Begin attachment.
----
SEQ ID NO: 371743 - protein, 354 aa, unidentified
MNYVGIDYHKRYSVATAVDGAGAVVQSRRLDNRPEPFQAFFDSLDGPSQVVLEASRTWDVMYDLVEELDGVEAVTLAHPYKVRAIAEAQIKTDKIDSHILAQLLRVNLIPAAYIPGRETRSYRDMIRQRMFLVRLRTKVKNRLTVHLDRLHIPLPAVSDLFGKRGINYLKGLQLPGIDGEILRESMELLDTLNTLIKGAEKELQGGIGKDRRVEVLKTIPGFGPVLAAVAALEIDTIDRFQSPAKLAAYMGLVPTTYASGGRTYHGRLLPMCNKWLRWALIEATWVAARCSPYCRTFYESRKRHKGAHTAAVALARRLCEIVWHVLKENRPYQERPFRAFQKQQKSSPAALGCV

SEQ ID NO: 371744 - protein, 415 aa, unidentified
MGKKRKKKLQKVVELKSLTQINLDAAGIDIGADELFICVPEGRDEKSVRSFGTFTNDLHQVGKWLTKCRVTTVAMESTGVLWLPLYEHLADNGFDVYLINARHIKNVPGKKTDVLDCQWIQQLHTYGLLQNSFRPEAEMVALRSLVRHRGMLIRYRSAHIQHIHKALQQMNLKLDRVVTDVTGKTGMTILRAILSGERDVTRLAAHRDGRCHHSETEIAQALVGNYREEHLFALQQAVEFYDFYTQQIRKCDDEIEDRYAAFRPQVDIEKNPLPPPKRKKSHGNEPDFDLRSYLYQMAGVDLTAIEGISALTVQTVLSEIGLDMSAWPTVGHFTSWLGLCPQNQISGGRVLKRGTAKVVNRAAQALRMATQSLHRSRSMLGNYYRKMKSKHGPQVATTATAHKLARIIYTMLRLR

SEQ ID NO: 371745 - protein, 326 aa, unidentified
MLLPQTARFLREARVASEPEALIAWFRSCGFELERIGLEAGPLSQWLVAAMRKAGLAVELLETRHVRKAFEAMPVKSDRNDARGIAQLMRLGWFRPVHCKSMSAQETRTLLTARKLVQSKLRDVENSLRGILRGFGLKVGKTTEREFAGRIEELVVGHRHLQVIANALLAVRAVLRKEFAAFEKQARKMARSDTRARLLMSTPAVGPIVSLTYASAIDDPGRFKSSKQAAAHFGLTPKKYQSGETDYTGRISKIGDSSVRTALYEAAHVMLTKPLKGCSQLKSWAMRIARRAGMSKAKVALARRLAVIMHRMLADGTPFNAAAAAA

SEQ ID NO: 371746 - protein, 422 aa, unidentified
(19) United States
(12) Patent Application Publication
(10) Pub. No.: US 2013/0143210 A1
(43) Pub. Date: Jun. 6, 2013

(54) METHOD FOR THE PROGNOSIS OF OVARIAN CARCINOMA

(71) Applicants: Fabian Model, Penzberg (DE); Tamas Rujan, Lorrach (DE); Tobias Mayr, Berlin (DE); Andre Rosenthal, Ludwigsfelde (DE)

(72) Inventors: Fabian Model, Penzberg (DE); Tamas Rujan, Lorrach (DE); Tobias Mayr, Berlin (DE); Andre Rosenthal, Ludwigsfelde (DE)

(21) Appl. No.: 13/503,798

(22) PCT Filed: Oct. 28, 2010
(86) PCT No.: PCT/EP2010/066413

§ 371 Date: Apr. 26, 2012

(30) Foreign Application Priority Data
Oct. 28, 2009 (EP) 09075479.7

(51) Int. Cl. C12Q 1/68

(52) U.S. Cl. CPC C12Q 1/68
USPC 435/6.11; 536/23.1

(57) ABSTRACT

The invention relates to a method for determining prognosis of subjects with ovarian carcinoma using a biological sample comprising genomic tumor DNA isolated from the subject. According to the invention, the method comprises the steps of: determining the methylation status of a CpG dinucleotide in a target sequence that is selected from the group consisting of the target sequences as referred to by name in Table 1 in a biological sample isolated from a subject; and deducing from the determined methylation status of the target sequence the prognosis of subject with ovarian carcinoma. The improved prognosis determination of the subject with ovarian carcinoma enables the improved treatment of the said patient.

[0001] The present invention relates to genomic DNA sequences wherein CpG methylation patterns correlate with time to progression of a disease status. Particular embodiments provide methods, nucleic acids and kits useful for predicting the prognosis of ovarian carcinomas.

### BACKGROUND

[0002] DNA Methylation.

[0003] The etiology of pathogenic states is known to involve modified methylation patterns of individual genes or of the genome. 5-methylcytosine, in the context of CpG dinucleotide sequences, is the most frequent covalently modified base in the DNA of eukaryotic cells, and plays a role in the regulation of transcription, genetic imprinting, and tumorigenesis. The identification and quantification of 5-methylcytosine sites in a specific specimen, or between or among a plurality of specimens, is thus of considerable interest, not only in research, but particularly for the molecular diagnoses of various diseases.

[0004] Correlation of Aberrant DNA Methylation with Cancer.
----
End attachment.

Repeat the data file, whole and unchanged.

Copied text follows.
SEQ ID NO: 371743 - protein, 354 aa, unidentified
MNYVGIDYHKRYSVATAVDGAGAVVQSRRLDNRPEPFQAFFDSLDGPSQVVLEASRTWDVMYDLVEELDGVEAVTLAHPYKVRAIAEAQIKTDKIDSHILAQLLRVNLIPAAYIPGRETRSYRDMIRQRMFLVRLRTKVKNRLTVHLDRLHIPLPAVSDLFGKRGINYLKGLQLPGIDGEILRESMELLDTLNTLIKGAEKELQGGIGKDRRVEVLKTIPGFGPVLAAVAALEIDTIDRFQSPAKLAAYMGLVPTTYASGGRTYHGRLLPMCNKWLRWALIEATWVAARCSPYCRTFYESRKRHKGAHTAAVALARRLCEIVWHVLKENRPYQERPFRAFQKQQKSSPAALGCV

SEQ ID NO: 371744 - protein, 415 aa, unidentified
MGKKRKKKLQKVVELKSLTQINLDAAGIDIGADELFICVPEGRDEKSVRSFGTFTNDLHQVGKWLTKCRVTTVAMESTGVLWLPLYEHLADNGFDVYLINARHIKNVPGKKTDVLDCQWIQQLHTYGLLQNSFRPEAEMVALRSLVRHRGMLIRYRSAHIQHIHKALQQMNLKLDRVVTDVTGKTGMTILRAILSGERDVTRLAAHRDGRCHHSETEIAQALVGNYREEHLFALQQAVEFYDFYTQQIRKCDDEIEDRYAAFRPQVDIEKNPLPPPKRKKSHGNEPDFDLRSYLYQMAGVDLTAIEGISALTVQTVLSEIGLDMSAWPTVGHFTSWLGLCPQNQISGGRVLKRGTAKVVNRAAQALRMATQSLHRSRSMLGNYYRKMKSKHGPQVATTATAHKLARIIYTMLRLR

SEQ ID NO: 371745 - protein, 326 aa, unidentified
MLLPQTARFLREARVASEPEALIAWFRSCGFELERIGLEAGPLSQWLVAAMRKAGLAVELLETRHVRKAFEAMPVKSDRNDARGIAQLMRLGWFRPVHCKSMSAQETRTLLTARKLVQSKLRDVENSLRGILRGFGLKVGKTTEREFAGRIEELVVGHRHLQVIANALLAVRAVLRKEFAAFEKQARKMARSDTRARLLMSTPAVGPIVSLTYASAIDDPGRFKSSKQAAAHFGLTPKKYQSGETDYTGRISKIGDSSVRTALYEAAHVMLTKPLKGCSQLKSWAMRIARRAGMSKAKVALARRLAVIMHRMLADGTPFNAAAAAA

SEQ ID NO: 371746 - protein, 422 aa, unidentified
(19) United States
(12) Patent Application Publication
(10) Pub. No.: US 2013/0143210 A1
(43) Pub. Date: Jun. 6, 2013

(54) METHOD FOR THE PROGNOSIS OF OVARIAN CARCINOMA

(71) Applicants: Fabian Model, Penzberg (DE); Tamas Rujan, Lorrach (DE); Tobias Mayr, Berlin (DE); Andre Rosenthal, Ludwigsfelde (DE)

(72) Inventors: Fabian Model, Penzberg (DE); Tamas Rujan, Lorrach (DE); Tobias Mayr, Berlin (DE); Andre Rosenthal, Ludwigsfelde (DE)

(21) Appl. No.: 13/503,798

(22) PCT Filed: Oct. 28, 2010
(86) PCT No.: PCT/EP2010/066413

§ 371 Date: Apr. 26, 2012

(30) Foreign Application Priority Data
Oct. 28, 2009 (EP) 09075479.7

(51) Int. Cl. C12Q 1/68

(52) U.S. Cl. CPC C12Q 1/68
USPC 435/6.11; 536/23.1

(57) ABSTRACT

The invention relates to a method for determining prognosis of subjects with ovarian carcinoma using a biological sample comprising genomic tumor DNA isolated from the subject. According to the invention, the method comprises the steps of: determining the methylation status of a CpG dinucleotide in a target sequence that is selected from the group consisting of the target sequences as referred to by name in Table 1 in a biological sample isolated from a subject; and deducing from the determined methylation status of the target sequence the prognosis of subject with ovarian carcinoma. The improved prognosis determination of the subject with ovarian carcinoma enables the improved treatment of the said patient.

[0001] The present invention relates to genomic DNA sequences wherein CpG methylation patterns correlate with time to progression of a disease status. Particular embodiments provide methods, nucleic acids and kits useful for predicting the prognosis of ovarian carcinomas.

### BACKGROUND

[0002] DNA Methylation.

[0003] The etiology of pathogenic states is known to involve modified methylation patterns of individual genes or of the genome. 5-methylcytosine, in the context of CpG dinucleotide sequences, is the most frequent covalently modified base in the DNA of eukaryotic cells, and plays a role in the regulation of transcription, genetic imprinting, and tumorigenesis. The identification and quantification of 5-methylcytosine sites in a specific specimen, or between or among a plurality of specimens, is thus of considerable interest, not only in research, but particularly for the molecular diagnoses of various diseases.

[0004] Correlation of Aberrant DNA Methylation with Cancer.